Would this be legal strategy in Fourball (Golf)

A Fourball is one of the competitions used the Ryder Cup and other Match Play events. The four players (two on each team) play their own ball throughout. The better score on a hole from the two players on a team is compared to the better score from the other team with the result being a win/loss/tie for the team. Since the better score is used for the team, the other score doesn’t matter - it is ignored.

So my question is, on the green could one player manipulate his putting to show his partner the line?

For example the partners arrive at the green with one having taken three shots and the other two. The three-shot guy will attempt to sink his putt but if he misses the questionable strategy kicks in - he now takes a putt or two to get behind his partners ball, and the next putt by him will show his partner the line. In fact if the first show-the-line putt misses, he does it all over again until his ball eventually goes in.

A ridiculous situation, I know, but what rule would prevent this?

If I am reading the rules right, nothing prevents this, except that, in match play, the other side may concede a putt at any time, after which the ball has to be picked up - otherwise, the partner’s score cannot be counted for that hole.

Is there no rule for the order?

The ball furthest from the hole must be putted first though I have seen players tap in after a near miss without waiting while others putt so I guess it can be waived somehow.

Maybe the delay of game rule would apply. Also, golf has rules about playing with integrity. Maybe the judges would say that kind of play is not in the spirit of the game. A player trying to position their ball behind a teammate’s ball is going to end up several strokes over par on that hole. It’s not like they are sacrificing strokes in order to get an unplayable ball to a better location.

I’m relying on memory but I think:

The furthest ball means that team is “away” and will putt. Note I said team, and now either player of that team, regardless of who is closer, can start putting.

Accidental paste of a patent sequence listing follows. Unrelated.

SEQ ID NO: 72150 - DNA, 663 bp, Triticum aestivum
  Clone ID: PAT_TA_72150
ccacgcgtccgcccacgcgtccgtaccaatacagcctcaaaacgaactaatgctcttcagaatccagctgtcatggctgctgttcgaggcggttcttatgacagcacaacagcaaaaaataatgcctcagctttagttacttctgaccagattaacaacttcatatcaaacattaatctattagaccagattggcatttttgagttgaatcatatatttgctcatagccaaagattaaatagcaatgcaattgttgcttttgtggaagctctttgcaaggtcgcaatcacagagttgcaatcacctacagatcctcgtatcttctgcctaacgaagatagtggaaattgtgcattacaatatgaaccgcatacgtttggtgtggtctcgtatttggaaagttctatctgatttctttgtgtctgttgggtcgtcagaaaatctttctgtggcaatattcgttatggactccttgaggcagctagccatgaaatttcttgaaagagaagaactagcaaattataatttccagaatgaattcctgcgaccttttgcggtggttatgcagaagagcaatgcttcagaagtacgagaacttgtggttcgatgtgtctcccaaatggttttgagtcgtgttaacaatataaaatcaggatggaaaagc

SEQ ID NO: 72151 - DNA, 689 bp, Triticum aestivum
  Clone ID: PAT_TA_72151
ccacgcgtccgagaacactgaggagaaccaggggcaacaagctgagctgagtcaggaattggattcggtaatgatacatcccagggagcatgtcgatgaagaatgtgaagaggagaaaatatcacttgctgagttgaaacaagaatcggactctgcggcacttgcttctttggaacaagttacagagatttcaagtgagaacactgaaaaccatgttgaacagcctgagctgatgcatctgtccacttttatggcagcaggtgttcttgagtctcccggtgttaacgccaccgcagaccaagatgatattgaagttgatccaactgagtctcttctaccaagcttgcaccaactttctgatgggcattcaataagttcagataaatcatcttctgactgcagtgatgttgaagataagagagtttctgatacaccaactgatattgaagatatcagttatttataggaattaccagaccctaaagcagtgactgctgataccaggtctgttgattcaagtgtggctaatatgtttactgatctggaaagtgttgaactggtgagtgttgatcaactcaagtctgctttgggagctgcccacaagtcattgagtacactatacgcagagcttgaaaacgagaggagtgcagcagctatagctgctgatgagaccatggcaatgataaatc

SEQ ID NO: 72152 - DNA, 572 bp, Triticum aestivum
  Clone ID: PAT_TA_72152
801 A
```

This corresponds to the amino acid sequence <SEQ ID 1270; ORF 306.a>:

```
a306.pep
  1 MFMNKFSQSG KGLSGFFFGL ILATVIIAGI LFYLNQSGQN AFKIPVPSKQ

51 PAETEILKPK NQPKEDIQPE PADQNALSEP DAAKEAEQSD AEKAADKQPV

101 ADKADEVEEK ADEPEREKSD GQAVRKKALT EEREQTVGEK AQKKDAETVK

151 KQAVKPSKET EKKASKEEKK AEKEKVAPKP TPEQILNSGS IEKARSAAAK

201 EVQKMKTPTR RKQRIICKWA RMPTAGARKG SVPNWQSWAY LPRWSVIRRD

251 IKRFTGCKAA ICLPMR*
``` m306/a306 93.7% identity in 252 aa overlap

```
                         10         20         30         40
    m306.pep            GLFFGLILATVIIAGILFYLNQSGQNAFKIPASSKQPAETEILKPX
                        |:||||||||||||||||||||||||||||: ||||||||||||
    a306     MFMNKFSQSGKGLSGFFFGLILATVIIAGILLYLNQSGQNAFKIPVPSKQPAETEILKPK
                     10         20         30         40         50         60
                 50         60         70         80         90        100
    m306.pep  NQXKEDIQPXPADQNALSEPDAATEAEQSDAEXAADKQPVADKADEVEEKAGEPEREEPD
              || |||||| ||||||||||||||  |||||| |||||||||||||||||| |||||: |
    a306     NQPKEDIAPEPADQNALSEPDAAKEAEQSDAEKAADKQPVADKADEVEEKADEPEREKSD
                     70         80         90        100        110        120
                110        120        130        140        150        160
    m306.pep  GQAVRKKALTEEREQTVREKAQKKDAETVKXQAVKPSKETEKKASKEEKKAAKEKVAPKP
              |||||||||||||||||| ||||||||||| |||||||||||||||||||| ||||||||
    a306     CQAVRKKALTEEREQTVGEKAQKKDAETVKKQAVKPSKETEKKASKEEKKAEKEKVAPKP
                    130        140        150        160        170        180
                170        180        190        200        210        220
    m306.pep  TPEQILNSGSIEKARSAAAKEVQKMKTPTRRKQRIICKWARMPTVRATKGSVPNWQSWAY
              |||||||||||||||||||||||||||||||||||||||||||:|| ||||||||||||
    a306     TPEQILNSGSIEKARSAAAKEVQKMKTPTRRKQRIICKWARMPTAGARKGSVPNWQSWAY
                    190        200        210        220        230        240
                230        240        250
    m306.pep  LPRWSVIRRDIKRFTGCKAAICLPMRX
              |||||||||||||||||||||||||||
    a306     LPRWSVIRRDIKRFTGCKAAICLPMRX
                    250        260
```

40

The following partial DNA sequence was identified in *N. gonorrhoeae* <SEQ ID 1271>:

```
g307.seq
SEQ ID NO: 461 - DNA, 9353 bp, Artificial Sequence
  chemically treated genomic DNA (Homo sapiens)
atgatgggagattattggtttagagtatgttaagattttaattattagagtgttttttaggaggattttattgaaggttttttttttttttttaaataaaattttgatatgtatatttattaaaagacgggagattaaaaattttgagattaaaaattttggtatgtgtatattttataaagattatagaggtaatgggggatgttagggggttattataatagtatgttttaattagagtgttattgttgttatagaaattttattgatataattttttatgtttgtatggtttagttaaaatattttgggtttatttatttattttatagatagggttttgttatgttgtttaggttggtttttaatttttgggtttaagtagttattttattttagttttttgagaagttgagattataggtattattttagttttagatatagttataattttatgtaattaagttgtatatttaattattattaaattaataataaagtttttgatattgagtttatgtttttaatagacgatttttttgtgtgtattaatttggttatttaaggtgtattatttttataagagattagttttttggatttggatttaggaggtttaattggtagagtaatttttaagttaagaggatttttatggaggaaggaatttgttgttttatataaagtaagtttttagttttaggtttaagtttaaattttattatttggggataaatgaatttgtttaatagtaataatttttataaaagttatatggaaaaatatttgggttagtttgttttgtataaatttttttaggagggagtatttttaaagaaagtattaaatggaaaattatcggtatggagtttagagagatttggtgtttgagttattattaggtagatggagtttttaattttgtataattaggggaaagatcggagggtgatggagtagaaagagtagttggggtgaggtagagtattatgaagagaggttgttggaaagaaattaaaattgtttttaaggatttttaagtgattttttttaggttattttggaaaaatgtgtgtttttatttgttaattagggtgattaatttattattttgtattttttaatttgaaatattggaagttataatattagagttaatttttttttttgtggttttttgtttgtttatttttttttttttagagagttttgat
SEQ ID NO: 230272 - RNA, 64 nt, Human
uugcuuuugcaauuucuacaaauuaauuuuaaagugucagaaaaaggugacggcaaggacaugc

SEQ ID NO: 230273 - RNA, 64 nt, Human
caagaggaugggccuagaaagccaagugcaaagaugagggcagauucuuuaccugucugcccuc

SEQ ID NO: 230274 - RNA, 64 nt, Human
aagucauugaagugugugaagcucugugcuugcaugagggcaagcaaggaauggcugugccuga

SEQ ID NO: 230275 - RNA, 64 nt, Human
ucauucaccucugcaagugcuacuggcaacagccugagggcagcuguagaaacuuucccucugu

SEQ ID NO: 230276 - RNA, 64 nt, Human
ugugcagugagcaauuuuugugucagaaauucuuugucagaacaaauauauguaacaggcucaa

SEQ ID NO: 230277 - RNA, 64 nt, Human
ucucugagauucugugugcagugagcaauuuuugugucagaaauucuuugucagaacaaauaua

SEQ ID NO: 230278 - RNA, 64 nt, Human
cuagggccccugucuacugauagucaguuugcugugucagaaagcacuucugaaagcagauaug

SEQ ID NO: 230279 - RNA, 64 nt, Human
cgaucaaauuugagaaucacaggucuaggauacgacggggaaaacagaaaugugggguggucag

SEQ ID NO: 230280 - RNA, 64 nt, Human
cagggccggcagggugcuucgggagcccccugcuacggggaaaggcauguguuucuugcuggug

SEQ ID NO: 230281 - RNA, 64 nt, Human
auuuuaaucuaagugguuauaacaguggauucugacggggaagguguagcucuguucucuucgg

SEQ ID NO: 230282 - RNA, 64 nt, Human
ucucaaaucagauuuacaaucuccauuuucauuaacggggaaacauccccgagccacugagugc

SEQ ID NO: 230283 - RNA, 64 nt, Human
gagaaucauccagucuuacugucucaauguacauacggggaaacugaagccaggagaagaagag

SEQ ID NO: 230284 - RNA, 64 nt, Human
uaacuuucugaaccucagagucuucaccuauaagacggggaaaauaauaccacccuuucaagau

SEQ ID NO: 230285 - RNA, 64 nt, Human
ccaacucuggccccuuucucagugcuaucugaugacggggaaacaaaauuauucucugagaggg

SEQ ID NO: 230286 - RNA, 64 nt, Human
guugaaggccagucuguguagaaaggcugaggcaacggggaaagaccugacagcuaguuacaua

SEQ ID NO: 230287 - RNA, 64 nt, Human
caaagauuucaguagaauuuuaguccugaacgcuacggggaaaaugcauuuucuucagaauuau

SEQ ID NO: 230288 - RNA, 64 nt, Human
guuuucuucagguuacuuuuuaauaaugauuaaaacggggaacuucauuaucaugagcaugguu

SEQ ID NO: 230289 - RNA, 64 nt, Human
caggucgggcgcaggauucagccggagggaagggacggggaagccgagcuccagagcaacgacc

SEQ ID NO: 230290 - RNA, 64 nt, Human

A player who has putted and missed can either mark their ball or continue putting.

In general, caddies (and thus your playing partner in Four Ball) are not allowed to stand behind a player as he putts, so that would somewhat limit the efficacy of “learning the line”. Beyond there, there is nothing specifically that disallows your described actions, but, as That Don Guy pointed out, the other team is allowed to concede any putt, thereby forcing the person to pick up their ball before putting. So, if one player spends 3 strokes getting into position, he will have to pick up the ball before taking the putt that shows the line.

You couldn’t do that. It’s just not cricket.

Doesn’t this prevent the strategy as outlined in the OP? There’s no method for the one player to get his ball back into a position that’s useful for showing a line?

As I said above, a player who has putted and missed has the option to continue putting regardless of who is away.

Unless the putt is conceded.

According to Rule 23.6, if your putt is conceded you aren’t allowed to putt it anyway.

"You and your partner may play in the order your side considers best. This means that when it is your turn to play, either you or your partner may play next.

Exception – Continuing Play of Hole After Stroke Conceded in Match Play:

You must not continue play of a hole after your next stroke has been conceded if this would help your partner.

If you do so, your score for the hole stands without penalty, but your partner’s score for the hole cannot count for your side."

Ah, there we go. Check the rules, what an idea!!

Thanks @Hamlet